But he had also emerged a determined man. He had vowed he would show the idiots in the Pentagon that Bogart's failure to recommend Follet to replace him at Edwards was an act of spite — the act of a small mind unable to admit that his would-be replacement had a superior mind. He had vowed he would run Edwards so damn well anyone who was sent to the base as new commander would look like a jackass by comparison.
The first thing he had done as acting commander was double the fatigue duties. He wasn't out to win friends, he was out to win respect from high places. The lawns were cut twice as often, buildings that had not been painted for two or more years were given brand-new coats, inspections were doubled and the standards became more rigid. He would have the spiffiest base in the service or there would be hell to pay.
Then he had learned about the Soviet trawler. One of the lieutenants on radar duty had been glancing at a scope that was really a monitor of a scope operated by the Coast Guard. Questioned by Follet, the young lieutenant had reported that the image was that of a Soviet trawler. It was just outside the U.S. territorial limit and was being monitored from the radar on a small ship that was tagging the Russian vessel. The image was then bounced comsat to all military bases in the area.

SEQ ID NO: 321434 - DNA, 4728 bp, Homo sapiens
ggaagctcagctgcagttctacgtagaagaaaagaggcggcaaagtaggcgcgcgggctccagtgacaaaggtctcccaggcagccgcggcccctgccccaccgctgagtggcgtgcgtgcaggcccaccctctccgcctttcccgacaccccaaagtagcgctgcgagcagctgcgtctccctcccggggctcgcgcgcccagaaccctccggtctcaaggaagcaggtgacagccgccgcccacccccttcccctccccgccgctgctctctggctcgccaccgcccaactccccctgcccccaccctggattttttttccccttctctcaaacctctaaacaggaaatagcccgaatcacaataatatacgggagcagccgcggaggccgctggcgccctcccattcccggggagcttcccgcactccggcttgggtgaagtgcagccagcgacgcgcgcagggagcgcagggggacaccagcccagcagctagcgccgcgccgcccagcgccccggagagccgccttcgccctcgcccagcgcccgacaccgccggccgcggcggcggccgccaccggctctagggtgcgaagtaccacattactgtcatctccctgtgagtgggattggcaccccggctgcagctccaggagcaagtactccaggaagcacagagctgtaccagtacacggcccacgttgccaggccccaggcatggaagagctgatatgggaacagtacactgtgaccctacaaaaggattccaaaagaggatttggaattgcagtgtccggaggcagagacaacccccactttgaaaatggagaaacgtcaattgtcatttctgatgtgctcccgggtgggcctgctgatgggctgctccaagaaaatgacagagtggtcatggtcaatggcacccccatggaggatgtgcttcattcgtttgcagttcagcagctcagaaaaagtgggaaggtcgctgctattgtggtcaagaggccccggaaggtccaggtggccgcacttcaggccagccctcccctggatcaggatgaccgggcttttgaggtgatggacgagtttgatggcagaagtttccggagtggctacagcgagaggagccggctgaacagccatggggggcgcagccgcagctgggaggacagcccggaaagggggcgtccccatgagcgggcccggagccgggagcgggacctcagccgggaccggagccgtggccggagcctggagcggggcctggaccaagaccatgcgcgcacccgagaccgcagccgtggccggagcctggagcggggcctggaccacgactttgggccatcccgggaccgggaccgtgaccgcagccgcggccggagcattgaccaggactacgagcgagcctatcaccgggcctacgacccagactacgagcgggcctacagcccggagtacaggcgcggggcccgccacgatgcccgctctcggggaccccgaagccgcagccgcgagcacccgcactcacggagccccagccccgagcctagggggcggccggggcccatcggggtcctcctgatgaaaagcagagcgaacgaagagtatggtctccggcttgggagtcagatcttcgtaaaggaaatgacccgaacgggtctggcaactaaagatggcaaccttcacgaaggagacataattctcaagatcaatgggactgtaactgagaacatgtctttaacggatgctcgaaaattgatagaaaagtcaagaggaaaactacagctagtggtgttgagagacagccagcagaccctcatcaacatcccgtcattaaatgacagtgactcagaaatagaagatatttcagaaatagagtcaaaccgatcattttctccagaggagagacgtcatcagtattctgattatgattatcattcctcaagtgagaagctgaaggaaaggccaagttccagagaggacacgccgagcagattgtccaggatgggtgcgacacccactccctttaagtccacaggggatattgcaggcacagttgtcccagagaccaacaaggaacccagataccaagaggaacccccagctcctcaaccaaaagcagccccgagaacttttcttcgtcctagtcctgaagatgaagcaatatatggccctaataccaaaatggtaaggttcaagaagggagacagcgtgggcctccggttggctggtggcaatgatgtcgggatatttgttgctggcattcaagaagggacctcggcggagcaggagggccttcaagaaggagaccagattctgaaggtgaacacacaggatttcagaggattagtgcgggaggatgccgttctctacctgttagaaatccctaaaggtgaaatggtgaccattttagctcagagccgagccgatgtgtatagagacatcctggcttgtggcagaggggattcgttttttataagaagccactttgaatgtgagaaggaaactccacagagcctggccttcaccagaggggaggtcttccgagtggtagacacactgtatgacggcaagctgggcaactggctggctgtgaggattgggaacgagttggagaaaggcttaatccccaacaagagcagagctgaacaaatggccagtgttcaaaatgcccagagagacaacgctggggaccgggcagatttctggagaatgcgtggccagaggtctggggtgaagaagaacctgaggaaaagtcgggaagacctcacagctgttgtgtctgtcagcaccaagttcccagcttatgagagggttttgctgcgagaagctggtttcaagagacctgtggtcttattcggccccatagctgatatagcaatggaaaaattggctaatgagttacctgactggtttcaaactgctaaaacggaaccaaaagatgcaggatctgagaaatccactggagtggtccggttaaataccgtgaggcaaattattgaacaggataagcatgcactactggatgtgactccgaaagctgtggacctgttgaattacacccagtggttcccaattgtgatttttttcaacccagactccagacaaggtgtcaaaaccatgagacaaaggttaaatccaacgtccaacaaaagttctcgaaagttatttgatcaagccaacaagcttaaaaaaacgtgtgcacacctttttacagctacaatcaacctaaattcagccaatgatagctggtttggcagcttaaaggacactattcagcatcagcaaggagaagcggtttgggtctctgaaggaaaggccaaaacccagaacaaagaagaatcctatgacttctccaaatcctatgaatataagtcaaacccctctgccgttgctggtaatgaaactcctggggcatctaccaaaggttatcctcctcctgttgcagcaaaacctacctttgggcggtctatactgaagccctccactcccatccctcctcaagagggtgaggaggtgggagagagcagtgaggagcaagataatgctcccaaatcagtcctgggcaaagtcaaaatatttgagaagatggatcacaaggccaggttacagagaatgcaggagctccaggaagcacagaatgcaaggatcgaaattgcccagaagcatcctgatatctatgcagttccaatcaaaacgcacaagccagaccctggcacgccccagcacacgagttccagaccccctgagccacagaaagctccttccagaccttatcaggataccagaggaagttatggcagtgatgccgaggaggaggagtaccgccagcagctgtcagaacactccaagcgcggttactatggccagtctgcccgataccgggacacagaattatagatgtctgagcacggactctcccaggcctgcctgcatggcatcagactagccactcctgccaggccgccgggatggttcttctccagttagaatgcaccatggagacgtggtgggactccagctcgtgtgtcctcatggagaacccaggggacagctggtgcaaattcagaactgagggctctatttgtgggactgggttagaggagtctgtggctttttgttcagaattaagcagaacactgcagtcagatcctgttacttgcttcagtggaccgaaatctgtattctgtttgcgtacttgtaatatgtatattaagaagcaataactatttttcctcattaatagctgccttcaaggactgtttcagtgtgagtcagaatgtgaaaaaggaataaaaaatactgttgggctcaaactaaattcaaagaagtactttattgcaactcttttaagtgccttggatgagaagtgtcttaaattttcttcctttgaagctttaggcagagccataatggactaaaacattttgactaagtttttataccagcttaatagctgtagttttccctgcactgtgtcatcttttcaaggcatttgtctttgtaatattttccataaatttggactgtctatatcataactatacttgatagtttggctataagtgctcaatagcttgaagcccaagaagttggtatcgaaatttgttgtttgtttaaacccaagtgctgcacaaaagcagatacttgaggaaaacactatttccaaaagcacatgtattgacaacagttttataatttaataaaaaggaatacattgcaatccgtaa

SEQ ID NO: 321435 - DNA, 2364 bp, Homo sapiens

It had not taken Colonel Follet long to realize that this was a golden opportunity to flex his muscles and impress some people. The trawler, according to all concerned, was probably a spy ship. Follet deduced that if it in fact was a spy ship, it was probably carrying a helicopter. And when that chopper went on its mission, the man who planned the interception would be lauded. Follet reasoned that if the other bases were paying as little attention to their monitors as the Edwards base had been, it would be easy for him to steal the show. He assigned a man to watch the monitor.